Nearly 3 inches of rain, over an inch of that between 2 and 3 p.m., was measured at Atlantic City Airport Thursday, and with more downpours expected the National Weather Service’s flood watch for the entire region remains in effect until midnight.
Flood advisories were up late in the day through the hearts of Bucks Chester, and Montgomery Cojnties, and parts of Camden, Gloucester, Cumberland, and Salem Counties, but no measurable rain had fallen in Philadelphia since the early-morning hours.
Still the flood watch covers all of southeastern Pennsylvania, all of Delaware, and most of New Jersey.
It remains unclear precisely which areas the heaviest rains will target as computer models were sloshing all over the place. One thing they do agree on is that the atmosphere remains primed.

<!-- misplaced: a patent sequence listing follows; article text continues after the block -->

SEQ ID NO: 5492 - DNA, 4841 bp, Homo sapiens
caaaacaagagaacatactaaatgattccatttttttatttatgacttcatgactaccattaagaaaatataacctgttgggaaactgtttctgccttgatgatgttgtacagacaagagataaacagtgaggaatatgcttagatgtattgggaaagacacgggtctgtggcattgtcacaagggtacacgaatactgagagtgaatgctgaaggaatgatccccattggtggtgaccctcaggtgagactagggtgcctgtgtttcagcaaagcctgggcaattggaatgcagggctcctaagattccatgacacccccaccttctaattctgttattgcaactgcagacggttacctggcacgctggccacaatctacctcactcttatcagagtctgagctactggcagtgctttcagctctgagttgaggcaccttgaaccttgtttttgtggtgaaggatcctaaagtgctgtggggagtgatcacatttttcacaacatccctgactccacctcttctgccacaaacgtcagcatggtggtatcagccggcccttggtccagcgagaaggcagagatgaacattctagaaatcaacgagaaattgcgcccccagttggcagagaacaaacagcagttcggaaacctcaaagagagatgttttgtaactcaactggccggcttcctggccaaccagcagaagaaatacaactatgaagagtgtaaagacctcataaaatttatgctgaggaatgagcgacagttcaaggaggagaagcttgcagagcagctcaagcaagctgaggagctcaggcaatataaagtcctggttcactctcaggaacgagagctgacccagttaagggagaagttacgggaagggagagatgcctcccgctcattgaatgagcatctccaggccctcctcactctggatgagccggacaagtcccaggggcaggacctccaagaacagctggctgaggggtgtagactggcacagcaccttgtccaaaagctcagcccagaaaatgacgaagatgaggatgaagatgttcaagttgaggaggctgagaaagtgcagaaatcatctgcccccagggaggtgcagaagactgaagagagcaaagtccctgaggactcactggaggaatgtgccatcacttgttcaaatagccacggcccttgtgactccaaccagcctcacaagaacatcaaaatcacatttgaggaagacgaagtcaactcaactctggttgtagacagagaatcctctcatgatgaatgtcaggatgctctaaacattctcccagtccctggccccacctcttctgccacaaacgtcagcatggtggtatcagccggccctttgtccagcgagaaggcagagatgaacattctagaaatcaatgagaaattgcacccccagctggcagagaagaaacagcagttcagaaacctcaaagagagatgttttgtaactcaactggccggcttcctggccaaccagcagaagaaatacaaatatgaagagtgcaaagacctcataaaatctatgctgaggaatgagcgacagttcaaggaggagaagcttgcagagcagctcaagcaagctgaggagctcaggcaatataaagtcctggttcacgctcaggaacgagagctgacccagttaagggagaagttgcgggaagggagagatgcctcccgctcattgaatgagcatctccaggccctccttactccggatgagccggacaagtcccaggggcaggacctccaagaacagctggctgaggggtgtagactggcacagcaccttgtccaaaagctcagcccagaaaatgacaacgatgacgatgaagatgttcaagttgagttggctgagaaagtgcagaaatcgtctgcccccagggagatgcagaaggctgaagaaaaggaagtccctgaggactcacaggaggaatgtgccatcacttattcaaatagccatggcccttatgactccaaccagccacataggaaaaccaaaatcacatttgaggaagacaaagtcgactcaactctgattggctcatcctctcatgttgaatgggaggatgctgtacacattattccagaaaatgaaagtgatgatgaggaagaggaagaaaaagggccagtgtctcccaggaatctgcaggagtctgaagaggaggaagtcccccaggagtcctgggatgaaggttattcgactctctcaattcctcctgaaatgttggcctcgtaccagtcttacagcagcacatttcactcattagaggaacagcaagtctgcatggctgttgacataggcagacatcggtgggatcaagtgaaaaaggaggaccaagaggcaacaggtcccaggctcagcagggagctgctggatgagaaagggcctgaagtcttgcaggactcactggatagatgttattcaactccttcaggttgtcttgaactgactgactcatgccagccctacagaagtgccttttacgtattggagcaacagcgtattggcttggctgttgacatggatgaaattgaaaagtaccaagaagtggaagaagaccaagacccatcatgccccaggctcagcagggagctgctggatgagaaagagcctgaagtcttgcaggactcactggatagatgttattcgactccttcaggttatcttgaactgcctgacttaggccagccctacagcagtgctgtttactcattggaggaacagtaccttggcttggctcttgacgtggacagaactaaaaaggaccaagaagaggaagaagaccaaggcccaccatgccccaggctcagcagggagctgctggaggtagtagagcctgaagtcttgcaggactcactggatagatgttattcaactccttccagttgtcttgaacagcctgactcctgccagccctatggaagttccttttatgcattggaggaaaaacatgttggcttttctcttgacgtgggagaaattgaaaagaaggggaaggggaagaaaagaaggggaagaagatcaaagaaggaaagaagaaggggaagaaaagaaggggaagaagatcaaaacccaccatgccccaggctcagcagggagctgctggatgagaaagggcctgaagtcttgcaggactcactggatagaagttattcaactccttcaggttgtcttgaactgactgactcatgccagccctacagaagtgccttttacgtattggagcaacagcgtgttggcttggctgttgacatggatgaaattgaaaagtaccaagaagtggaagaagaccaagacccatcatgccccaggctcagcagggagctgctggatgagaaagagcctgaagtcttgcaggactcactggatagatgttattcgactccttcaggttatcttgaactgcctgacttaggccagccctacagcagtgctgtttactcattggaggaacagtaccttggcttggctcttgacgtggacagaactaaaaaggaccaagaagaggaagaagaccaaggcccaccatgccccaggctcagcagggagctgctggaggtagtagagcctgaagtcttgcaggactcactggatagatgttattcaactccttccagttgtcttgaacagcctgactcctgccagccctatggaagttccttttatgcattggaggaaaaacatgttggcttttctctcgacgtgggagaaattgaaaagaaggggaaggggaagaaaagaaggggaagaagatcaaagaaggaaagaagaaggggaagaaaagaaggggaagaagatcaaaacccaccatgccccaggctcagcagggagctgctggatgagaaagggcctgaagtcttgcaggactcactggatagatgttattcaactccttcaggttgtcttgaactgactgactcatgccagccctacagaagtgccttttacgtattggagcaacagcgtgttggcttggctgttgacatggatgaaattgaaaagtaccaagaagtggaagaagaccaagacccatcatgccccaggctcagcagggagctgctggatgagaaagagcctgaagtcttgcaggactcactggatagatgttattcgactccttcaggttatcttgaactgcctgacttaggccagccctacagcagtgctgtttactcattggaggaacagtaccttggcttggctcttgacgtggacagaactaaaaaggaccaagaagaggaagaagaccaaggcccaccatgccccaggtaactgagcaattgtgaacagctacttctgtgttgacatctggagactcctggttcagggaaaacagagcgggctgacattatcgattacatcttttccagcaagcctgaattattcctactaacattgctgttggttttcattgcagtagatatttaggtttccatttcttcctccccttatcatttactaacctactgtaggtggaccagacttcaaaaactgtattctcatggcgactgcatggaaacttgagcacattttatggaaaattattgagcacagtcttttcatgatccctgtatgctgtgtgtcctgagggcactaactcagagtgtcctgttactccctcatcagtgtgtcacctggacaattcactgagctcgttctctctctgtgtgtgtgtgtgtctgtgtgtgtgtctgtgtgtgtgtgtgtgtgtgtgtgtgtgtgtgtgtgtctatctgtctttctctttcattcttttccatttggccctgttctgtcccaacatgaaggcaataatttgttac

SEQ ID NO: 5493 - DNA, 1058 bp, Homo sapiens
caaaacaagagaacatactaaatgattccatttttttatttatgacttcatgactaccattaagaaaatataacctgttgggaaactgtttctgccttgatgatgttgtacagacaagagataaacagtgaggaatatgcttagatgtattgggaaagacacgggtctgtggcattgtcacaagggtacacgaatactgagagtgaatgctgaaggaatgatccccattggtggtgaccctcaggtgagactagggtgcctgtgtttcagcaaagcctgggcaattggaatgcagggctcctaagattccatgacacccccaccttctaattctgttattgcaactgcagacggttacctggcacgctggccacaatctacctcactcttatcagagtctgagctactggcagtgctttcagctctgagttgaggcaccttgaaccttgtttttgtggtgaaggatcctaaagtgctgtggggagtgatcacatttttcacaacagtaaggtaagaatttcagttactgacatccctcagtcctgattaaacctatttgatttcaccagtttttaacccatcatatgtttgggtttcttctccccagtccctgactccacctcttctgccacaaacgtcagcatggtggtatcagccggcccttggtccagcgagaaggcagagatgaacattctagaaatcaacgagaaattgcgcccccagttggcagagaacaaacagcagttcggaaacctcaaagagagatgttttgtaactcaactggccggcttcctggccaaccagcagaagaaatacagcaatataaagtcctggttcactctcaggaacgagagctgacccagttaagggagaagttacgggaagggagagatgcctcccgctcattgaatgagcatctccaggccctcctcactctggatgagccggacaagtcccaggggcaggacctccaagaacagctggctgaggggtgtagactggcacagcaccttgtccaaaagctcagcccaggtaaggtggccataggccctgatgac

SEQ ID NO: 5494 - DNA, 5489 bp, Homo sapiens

Rainfall of up to three inches is possible, with isolated higher amounts, said Alex Staarmann, a meteorologist with the weather service office in Mount Holly. “The models have trended wetter in the last day or so,” he said.
With a cold front approaching, the weather service says, a “plume of rich tropical moisture” to the south will lift northward. The atmosphere will be moist enough to wring out one- and two-inch rains in a hurry, thus the flood watch.
Showers and possibly thunderstorms are expected throughout the day and well into the night.
The region has become quite well-acquainted with disruptive downpours.
Despite the recent run of dryness, rainfall is well above normal throughout the region over the last 90 days.
In July and August, more than 14 inches of rain was measured at Philadelphia International Airport, or 6-plus inches above normal. But 60 percent of that total fell on just two days, July 10 and Aug. 4.